Glamping is a popular activity among young Chinese. It's a great way to get their daka list done.

The Chinese internet is dominated by detailed lists of glamping items, easy-to-prepare recipes and recommendations for glamping locations across the country.

Song recalled seeing a Marshall speaker inside her tent in Zhongwei.

Natural Camp, site operator, proudly announced on its official Xiaohongshu account (a Chinese social media platform): "We keep a fine selection of outdoor brands, both national and international."

These mattresses include King Koil mattresses, which are equally likely to be found in five-star hotel rooms.

Song estimates that a one-night stay will cost around 1,000 Yuan ($148).

This trend isn’t limited to mainland China.

Wade Cheung is the marketing manager for Saiyuen. This glamping and adventure park is located on an island off Hong Kong. More than 10% of visitors return after their first stay.

Cheung says that the lingering pandemic inspired Hong Kongers to discover the amazing home-grown experiences within the city.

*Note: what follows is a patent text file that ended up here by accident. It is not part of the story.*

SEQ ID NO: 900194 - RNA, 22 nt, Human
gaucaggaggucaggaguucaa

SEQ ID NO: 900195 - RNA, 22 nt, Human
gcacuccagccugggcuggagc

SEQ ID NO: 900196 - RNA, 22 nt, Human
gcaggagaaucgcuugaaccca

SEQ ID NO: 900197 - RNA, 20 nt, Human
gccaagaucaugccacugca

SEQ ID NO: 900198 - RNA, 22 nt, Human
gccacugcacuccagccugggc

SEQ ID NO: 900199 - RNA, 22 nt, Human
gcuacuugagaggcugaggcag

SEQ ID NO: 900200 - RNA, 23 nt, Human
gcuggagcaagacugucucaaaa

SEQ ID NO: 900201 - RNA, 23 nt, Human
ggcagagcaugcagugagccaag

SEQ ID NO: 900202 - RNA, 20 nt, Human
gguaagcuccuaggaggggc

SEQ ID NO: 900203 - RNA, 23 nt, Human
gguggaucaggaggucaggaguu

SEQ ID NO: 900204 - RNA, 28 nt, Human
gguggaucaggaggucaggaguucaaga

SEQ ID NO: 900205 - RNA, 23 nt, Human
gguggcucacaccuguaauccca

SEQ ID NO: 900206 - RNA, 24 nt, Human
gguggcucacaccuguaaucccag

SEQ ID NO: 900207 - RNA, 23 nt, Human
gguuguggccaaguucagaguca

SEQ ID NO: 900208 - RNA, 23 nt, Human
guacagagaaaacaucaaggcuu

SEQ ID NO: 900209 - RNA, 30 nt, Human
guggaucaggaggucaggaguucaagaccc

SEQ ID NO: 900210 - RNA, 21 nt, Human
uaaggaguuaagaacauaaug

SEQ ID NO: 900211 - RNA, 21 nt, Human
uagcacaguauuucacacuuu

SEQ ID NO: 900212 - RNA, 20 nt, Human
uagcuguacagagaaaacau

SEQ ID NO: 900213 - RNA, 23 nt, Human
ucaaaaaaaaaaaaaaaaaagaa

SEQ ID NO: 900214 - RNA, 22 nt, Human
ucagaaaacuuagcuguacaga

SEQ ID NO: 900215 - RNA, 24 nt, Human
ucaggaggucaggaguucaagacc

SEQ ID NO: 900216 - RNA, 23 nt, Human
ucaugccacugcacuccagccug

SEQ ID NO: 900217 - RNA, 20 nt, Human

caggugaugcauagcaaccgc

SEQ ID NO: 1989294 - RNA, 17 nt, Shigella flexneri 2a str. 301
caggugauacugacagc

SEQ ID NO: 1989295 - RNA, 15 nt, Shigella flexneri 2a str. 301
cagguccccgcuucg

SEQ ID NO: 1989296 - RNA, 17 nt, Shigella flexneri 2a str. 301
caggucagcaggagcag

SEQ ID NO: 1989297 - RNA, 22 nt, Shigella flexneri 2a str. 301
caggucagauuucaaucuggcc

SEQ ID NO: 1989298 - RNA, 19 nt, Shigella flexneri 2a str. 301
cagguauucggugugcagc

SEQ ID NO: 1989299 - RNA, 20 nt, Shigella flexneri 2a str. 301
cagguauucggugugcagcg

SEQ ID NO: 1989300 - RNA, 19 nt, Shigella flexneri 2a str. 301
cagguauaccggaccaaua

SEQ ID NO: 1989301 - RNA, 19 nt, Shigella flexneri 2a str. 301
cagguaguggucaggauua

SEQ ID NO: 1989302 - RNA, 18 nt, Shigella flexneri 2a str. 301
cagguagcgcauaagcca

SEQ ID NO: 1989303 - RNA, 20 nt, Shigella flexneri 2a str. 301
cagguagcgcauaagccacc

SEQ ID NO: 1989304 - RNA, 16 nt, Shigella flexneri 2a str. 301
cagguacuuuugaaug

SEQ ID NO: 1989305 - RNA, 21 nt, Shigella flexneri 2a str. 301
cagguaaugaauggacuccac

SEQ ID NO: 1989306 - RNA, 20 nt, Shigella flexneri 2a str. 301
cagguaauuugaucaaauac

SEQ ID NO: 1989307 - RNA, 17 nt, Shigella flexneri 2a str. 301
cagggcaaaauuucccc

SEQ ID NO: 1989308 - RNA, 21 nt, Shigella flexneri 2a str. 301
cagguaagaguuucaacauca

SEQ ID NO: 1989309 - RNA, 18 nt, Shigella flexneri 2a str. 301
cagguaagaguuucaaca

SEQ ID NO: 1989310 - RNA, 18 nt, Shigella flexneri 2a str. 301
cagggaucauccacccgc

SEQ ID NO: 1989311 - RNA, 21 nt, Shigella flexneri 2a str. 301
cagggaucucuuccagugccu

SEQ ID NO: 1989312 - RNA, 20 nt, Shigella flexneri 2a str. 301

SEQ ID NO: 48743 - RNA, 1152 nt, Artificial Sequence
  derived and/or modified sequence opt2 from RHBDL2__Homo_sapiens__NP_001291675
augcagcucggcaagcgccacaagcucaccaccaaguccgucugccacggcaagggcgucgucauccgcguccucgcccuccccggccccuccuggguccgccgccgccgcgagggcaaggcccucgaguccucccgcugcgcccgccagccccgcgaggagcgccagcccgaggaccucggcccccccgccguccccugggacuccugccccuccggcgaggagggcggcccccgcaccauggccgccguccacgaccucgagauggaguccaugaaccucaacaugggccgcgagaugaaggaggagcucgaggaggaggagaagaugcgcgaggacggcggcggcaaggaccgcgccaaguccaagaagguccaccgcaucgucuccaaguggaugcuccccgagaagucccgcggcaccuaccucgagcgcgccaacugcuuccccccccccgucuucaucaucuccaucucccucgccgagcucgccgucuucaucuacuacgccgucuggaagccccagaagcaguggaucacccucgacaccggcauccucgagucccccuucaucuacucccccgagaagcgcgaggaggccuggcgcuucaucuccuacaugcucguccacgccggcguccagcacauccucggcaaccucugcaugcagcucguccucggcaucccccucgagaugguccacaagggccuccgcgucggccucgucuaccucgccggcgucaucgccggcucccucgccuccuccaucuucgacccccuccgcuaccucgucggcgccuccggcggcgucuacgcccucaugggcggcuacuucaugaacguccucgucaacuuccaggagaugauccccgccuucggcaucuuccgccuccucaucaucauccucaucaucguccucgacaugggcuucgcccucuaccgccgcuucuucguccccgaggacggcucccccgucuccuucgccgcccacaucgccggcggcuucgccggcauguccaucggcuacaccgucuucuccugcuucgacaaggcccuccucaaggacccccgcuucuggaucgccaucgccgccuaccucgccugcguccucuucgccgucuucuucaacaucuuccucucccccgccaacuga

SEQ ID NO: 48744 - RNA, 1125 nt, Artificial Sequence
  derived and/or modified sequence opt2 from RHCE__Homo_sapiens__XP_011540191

On the island of Cheung Chau, there are many accommodation options. The most unique is Sunset Vista, a 300-square foot domed tent that sits in its own 2,000-square feet area with private grassland.

The dome can hold four people and has a private bathroom and toilet. It also includes a hammock, barbecue stove and other amenities.

Sunset Vista is a popular spot for influencers and bloggers in Hong Kong. It has a bay window that overlooks the ocean, and is ideal for stargazing.

A night in a tent can cost from $3,500 HKD ($446) up to $4,800 HKD (611) - the same as a night at a luxury hotel in Hong Kong.

Glamping sites are dominated by guests who value comfort over nature.

Cheung said that the types of visitors they get have changed since the outbreak. Visitors used to love camping, hiking, and the natural world. They were impressed by the AC units in their tents. AC is now a necessity for guests.

He says, "For instance, if a frog is sitting in front the tent, previous visitors will likely squat down to take a photograph with it. But for visitors today, it might become something they need to adjust to."

Covid-fueled fad

Since Covid-19's first appearance, Glamping has seen a surge in popularity. According to a report by CTrip, Chinese travel operator CTrip, searches for camping activities increased eightfold between 2021 and 2021.

Qunar reports that during the Labor Day holiday, May 2022, ticket sales for parks that permit camping in China rose by more than 50% compared to the same period last years.